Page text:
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Medialization of the vocal cord

Medialization of the vocal cord is a procedure that is used to correct a voice disorder.
Vocal cords are folds of tissue in the throat that are key in creating sounds through vocalization. In order to create a sound, when air is exhaled, the vocal cords meet and their lining that is covered with mucosa is vibrating. When a person breathes the vocal cords are moving apart to allow air passage. To prevent food from entering the lungs (aspirations), the vocal cords cling fully when the person swallows

Paralysis of the vocal cord

Paralysis of the vocal cord means that one of the vocal cords does not move. Paralysis is often caused by nerve damage that controls the movements. Damage to the nerve may occur throughout the nerve pathway: In the brain - a variety of causes including stroke, neck, tumors, bruises, and surgeries, including thyroid tumors, in the thorax, as a result of surgery or growth. Sometimes the cause of paralysis is not known.


    The following symptoms of paralysis may occur:
  • Hoarseness, expressed in a weaker voice and it’s poor quality.
  • Swallowing disorders. Since the food "slips" between the vocal cords and causes aspiration. A cough and shortness of breath might occur. When multiple aspirations happen this may lead to development of pneumonia.


In some patients in the first year after the injury, the voice improves spontaneously without treatment because the healthy vocal cord "learns" to move beyond the mid-line until there is complete closure of vocal cords, thus compensating for the lack of movement of the paralyzed side. It is sometimes possible to improve this process by means of speech therapy, which aims to strengthen and train the functioning vocal cord and improve the control of air flow when speaking, when the compensation process does not occur or does not sufficient, two methods of treatment are on a table - injection or open surgery.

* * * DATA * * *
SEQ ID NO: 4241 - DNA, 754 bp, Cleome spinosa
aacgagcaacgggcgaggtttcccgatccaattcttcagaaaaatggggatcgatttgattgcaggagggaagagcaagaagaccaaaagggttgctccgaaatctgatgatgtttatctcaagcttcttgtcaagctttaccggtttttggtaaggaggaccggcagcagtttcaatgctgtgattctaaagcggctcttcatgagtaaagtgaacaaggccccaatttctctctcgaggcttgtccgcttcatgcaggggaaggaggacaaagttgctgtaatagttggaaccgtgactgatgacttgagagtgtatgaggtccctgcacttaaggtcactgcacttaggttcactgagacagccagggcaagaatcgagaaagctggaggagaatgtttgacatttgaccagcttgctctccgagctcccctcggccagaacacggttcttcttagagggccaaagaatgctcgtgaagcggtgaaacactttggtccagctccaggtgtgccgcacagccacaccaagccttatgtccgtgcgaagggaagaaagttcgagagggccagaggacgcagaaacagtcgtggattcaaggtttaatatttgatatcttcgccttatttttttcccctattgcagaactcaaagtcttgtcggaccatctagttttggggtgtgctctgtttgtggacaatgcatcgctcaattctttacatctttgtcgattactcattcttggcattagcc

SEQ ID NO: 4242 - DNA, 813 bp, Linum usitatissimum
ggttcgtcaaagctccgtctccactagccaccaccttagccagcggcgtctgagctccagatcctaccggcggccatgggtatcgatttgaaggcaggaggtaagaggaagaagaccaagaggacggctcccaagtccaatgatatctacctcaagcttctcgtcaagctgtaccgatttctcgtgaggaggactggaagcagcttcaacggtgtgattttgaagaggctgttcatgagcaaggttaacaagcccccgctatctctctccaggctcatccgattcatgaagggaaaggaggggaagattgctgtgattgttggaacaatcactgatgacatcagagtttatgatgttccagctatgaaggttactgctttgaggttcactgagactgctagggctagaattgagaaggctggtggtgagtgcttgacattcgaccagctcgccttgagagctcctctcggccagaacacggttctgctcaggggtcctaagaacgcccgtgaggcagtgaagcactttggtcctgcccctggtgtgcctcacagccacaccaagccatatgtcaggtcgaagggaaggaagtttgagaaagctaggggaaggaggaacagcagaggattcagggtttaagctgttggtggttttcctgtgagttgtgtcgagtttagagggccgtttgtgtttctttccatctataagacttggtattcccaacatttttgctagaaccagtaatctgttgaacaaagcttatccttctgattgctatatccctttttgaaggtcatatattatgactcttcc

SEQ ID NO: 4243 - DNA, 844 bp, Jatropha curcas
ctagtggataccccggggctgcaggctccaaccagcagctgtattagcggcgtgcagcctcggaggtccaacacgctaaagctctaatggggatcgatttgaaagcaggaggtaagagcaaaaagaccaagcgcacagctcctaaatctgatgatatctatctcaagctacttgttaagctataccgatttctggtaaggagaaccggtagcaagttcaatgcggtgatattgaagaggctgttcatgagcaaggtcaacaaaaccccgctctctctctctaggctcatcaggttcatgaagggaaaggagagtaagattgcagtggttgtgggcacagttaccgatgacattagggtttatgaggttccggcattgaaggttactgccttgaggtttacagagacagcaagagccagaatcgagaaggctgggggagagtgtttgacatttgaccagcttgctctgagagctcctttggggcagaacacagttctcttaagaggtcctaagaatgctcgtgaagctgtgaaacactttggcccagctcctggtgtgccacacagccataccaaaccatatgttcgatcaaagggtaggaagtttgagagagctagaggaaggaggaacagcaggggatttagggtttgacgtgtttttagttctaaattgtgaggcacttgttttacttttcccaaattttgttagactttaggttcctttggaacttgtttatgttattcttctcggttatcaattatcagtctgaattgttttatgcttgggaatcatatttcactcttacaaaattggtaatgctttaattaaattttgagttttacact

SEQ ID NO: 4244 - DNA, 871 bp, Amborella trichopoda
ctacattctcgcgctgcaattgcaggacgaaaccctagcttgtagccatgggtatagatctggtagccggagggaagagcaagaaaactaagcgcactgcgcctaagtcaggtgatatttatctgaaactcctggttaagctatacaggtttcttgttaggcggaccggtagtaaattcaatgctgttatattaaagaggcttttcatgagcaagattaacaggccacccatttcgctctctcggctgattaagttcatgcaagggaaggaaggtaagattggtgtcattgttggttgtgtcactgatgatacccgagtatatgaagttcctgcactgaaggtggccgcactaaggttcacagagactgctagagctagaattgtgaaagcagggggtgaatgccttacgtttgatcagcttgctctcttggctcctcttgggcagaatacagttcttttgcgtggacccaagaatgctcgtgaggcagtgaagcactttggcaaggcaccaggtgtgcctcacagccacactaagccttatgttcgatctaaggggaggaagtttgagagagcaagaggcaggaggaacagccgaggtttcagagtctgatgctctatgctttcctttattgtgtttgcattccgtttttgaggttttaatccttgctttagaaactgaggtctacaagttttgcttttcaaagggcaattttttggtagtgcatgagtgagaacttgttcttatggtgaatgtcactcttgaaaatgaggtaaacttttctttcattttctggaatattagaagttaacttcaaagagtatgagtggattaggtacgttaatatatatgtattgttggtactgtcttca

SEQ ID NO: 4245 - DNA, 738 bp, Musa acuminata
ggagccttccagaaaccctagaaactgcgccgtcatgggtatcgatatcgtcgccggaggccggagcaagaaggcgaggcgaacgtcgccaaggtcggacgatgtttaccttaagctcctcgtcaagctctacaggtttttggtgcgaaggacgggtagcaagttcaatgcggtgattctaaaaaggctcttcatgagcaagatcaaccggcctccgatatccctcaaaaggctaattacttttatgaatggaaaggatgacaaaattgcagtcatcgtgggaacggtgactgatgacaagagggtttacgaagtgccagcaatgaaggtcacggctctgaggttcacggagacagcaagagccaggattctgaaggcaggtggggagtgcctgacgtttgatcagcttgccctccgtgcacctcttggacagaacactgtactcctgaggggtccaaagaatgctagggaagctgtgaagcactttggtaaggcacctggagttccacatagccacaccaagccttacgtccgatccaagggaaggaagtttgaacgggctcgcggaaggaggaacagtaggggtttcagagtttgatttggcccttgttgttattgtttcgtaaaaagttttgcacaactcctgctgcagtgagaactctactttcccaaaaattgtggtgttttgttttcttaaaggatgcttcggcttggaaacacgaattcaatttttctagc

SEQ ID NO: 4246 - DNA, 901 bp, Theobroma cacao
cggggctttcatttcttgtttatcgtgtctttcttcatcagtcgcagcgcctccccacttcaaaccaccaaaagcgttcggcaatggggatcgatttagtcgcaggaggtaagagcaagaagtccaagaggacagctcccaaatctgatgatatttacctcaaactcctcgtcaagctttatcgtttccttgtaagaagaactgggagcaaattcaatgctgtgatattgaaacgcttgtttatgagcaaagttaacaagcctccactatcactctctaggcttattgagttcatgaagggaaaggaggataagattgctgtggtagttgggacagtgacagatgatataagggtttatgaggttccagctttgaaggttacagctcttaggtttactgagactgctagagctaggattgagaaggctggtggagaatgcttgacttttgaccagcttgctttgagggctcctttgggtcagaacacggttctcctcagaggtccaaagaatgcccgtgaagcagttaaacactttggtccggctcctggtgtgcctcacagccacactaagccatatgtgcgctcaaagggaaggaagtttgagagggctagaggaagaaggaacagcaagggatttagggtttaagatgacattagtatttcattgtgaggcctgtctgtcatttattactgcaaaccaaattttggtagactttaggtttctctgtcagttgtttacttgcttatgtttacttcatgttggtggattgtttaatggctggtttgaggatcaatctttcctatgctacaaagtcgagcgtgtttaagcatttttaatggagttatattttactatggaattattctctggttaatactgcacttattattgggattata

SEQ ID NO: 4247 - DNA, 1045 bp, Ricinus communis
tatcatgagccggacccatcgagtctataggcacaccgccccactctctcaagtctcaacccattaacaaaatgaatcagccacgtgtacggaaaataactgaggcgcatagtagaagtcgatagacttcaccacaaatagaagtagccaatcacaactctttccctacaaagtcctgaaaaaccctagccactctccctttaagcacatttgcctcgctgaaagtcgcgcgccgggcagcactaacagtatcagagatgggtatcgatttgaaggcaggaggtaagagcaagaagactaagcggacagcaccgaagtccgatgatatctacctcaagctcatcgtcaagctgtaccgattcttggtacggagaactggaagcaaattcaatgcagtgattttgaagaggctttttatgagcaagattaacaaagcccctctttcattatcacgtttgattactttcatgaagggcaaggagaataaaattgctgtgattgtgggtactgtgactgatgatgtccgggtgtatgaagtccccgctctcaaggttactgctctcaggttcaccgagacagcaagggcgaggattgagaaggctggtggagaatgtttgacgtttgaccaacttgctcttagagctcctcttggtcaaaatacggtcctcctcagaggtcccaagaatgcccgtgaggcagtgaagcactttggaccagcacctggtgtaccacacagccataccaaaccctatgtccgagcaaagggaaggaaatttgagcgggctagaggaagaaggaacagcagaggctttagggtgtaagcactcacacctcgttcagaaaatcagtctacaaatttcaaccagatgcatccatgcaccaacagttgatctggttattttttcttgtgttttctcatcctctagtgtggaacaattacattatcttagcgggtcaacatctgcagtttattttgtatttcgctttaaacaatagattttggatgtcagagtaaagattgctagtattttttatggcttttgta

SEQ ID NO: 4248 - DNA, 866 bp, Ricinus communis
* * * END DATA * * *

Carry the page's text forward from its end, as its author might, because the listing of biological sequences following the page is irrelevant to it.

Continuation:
The injection technique

In the injection method, the physician injects a synthetic or human material to the paralyzed vocal cord. This material adds more volume to the vocal cord, bringing it to the midline, allowing the healthy vocal cord to stick to the injected cord. This is temporary because our body absorbs and breaks down the injected substance usually within 3-12 months. The injections can be repeated as needed.

The surgical technique

Moving the paralyzed vocal cord to the center in an operation called thyroplasty. A piece of synthetic material is inserted through the incision through the neck, pushing the vocal cord to the center. This allows the healthy vocal cord to reach the contact with the paralyzed one.

After care

The voice quality changes after treatment and stabilizes within 2-4 weeks. Your doctor or nurse will advise you on how to proceed after treatment. Some general guidelines to follow:

  • Use as little voice as possible to allow the vocal cords to heal.
  • Avoid whispering, which will increase the friction of the vocal cords
  • Avoid coffee, fried, sour and spicy foods, garlic and onions.
  • Avoid eating 3 hours before sleeping.
  • Sleep with head lifted.
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